Background Early detection of sepsis in neonate is one of the most difficult problems facing neonatal care providers and clinicians today. The ability to early diagnosis or rule out neonatal sepsis results in to limit inappropriate antibiotic exposure and lowering the cost of therapy.
This study was conducted to determine the value of some laboratory test in early detection for neonatal septicemia. Besides this, we wish to know the comment causal organisms for neonatal sepsis in our situations.
Aim To determine if any laboratory tests can predict neonatal sepsis prior to positive blood culture.
Method Is a cohort prospective study. Rule in, admitted children ages < 28d in our NICU during 2011, with suspected infection. Based on clinical and biological findings, diagnoses were categorized in: A: proven sepsis(positive blood culture) B: probable sepsis(negative blood culture but laboratory consist with sepsis. C: clinically sepsis without any positive culture or laboratory abnormalities.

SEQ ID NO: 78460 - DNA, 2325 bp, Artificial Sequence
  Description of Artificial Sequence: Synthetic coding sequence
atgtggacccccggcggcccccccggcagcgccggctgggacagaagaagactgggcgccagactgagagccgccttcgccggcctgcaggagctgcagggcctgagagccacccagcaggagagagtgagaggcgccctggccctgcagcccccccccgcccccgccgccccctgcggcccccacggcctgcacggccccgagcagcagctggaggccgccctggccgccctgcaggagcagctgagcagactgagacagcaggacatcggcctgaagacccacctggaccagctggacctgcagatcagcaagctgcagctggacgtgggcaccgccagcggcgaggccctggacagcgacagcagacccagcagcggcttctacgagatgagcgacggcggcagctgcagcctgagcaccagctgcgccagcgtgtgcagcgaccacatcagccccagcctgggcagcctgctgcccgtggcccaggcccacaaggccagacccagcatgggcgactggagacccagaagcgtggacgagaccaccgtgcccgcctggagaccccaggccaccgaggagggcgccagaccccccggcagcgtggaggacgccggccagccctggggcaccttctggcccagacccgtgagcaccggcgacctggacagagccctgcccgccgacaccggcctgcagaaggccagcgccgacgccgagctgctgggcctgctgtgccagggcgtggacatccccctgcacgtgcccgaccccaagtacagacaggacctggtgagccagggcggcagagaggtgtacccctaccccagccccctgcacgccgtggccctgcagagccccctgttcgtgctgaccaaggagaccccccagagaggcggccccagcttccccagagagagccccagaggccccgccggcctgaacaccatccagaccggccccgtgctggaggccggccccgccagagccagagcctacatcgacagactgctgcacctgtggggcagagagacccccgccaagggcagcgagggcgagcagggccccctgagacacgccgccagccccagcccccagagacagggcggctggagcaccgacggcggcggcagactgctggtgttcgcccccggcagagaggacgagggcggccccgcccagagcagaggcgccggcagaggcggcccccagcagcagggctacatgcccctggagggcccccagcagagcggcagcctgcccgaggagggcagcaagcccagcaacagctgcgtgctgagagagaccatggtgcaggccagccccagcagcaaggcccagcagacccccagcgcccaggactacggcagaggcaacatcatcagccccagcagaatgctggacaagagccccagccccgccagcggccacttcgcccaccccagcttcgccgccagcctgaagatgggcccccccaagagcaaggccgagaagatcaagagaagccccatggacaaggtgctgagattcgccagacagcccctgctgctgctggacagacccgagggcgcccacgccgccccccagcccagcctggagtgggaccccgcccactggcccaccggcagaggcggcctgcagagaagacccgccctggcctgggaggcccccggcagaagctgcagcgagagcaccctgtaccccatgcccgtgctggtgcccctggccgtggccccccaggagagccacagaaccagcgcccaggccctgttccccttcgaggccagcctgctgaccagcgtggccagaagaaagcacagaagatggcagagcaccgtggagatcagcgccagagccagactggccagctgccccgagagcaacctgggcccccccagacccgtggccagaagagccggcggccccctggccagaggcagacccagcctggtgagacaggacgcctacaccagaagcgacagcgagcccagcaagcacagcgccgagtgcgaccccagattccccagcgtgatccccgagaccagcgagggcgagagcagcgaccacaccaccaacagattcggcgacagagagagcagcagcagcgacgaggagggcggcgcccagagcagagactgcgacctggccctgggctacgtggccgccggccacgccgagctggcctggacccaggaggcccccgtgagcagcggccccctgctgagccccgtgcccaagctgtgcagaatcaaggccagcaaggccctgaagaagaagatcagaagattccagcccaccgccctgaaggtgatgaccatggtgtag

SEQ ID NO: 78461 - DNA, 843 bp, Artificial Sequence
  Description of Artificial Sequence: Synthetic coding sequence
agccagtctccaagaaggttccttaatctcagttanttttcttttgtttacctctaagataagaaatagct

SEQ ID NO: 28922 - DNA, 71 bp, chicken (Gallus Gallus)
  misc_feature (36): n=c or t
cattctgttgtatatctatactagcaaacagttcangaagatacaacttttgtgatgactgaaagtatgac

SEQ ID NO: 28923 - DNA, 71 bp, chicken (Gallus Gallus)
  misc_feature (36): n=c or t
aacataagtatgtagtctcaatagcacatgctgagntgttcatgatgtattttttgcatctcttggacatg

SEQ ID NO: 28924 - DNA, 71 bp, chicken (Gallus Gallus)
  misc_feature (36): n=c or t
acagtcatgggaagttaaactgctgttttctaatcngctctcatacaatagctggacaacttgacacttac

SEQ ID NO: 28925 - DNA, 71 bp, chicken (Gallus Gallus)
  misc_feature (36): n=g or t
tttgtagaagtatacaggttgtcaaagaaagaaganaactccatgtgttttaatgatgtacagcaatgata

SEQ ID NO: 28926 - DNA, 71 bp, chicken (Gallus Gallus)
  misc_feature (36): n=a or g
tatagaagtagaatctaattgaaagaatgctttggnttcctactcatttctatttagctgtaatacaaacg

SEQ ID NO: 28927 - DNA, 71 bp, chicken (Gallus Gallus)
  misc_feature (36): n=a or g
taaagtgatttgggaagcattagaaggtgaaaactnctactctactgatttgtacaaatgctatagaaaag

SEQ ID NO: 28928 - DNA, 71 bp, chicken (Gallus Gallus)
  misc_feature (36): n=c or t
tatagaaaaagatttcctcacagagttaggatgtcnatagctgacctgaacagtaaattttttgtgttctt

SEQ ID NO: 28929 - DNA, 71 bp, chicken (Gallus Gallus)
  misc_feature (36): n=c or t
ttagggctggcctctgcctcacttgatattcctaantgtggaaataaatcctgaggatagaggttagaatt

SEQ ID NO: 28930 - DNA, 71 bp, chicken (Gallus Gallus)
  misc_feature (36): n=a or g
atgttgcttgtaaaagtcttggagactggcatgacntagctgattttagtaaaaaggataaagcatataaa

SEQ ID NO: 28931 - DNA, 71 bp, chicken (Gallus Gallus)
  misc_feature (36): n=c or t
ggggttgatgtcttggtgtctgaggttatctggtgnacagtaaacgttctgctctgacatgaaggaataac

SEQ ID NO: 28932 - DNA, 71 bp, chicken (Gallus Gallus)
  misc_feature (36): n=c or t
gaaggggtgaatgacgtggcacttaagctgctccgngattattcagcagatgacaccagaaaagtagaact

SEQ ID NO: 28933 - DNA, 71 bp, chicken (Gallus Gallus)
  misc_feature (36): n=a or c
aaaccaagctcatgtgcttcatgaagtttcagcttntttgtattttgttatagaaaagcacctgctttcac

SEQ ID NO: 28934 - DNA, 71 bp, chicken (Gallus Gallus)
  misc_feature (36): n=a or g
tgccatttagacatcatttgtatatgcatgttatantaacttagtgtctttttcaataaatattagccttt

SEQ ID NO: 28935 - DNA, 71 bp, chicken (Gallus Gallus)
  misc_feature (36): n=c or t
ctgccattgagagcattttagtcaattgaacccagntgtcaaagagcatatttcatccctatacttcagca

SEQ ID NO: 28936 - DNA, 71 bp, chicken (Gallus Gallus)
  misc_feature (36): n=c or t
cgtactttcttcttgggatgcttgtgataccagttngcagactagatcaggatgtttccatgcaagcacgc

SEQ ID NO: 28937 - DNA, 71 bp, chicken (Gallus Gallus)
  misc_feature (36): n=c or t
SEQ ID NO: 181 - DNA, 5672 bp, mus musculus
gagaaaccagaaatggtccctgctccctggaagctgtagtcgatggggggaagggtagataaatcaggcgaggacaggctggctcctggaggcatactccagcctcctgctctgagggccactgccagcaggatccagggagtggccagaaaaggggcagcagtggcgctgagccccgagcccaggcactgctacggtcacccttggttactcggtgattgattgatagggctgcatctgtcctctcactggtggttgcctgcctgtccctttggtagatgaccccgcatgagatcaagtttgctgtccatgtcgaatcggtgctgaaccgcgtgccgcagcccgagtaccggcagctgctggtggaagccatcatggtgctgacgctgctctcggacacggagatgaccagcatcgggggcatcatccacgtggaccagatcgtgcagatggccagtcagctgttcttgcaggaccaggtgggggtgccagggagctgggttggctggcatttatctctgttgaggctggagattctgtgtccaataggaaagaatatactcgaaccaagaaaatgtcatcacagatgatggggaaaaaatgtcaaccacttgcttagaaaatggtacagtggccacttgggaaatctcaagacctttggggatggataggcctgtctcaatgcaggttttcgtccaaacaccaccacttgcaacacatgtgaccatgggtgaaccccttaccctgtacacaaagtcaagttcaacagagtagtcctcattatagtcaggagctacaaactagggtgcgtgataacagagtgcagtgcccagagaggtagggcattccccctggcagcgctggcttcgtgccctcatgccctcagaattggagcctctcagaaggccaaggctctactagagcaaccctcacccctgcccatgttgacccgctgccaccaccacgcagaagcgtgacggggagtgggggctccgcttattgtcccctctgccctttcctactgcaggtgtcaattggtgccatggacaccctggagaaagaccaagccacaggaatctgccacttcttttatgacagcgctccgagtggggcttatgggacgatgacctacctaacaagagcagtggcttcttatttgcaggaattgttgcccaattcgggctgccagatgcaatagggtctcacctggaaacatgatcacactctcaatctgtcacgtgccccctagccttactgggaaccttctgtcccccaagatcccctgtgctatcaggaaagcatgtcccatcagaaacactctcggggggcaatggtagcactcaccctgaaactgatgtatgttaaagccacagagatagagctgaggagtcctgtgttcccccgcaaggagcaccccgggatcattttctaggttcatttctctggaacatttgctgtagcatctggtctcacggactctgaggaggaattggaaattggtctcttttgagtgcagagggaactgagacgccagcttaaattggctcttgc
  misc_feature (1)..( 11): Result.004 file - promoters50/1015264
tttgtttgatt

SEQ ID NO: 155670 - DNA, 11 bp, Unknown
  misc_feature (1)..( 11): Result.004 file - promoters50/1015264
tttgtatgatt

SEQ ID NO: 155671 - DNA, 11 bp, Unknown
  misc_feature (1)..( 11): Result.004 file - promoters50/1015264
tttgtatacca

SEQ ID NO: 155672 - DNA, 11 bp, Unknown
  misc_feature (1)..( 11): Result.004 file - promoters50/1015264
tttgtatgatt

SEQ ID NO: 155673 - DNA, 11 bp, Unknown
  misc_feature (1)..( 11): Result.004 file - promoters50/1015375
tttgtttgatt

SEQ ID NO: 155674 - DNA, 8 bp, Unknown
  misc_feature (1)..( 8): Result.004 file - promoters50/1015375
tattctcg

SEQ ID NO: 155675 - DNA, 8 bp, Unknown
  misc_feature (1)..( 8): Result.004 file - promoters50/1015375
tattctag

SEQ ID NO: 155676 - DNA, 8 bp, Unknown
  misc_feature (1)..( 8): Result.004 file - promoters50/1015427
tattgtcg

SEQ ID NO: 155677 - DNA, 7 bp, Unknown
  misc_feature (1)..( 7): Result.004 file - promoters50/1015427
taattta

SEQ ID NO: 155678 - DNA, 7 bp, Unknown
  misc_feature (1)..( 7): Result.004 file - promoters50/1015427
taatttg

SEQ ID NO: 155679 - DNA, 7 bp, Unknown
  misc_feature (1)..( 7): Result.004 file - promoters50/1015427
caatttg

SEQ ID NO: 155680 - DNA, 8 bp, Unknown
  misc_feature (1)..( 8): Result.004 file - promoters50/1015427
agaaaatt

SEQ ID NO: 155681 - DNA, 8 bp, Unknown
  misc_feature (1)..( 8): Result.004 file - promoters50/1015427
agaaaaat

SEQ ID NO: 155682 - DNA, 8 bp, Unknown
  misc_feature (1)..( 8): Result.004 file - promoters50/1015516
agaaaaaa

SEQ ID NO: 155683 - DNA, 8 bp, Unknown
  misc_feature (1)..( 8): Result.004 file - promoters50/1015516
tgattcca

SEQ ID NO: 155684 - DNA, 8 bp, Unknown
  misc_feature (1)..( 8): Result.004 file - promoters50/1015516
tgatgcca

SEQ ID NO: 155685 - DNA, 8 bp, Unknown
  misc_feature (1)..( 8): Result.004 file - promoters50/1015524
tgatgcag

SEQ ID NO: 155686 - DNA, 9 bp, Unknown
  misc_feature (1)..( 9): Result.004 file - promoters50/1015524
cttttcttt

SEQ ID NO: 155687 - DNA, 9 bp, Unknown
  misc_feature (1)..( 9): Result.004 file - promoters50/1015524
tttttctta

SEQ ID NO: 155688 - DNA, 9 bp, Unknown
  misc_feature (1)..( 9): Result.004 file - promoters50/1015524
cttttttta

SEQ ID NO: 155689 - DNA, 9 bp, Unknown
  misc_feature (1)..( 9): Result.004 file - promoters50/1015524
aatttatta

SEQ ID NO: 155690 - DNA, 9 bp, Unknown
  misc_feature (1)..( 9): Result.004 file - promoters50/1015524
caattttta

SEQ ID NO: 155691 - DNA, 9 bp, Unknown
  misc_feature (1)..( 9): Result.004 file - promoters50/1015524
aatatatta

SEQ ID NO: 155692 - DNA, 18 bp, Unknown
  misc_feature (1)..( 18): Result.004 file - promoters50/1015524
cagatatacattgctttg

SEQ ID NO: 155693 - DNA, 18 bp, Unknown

The validity of laboratory tests which had performed as sepsis work-up, were compared against positive blood culture as gold standard test.
Results The most common causative organisms were E.coli (50%). Among laboratory tests, CRP had the best sensitivity(84.12%) and negative predictive value (91.3%), but poor positive predictive value (59.5%), the specificity of it was 74.46%. WBC, I/T>0.2, and segments >10% have high specificity to rule out sepsis.
Conclusion No laboratory tests alone can be used as early detection of septicemia accurately.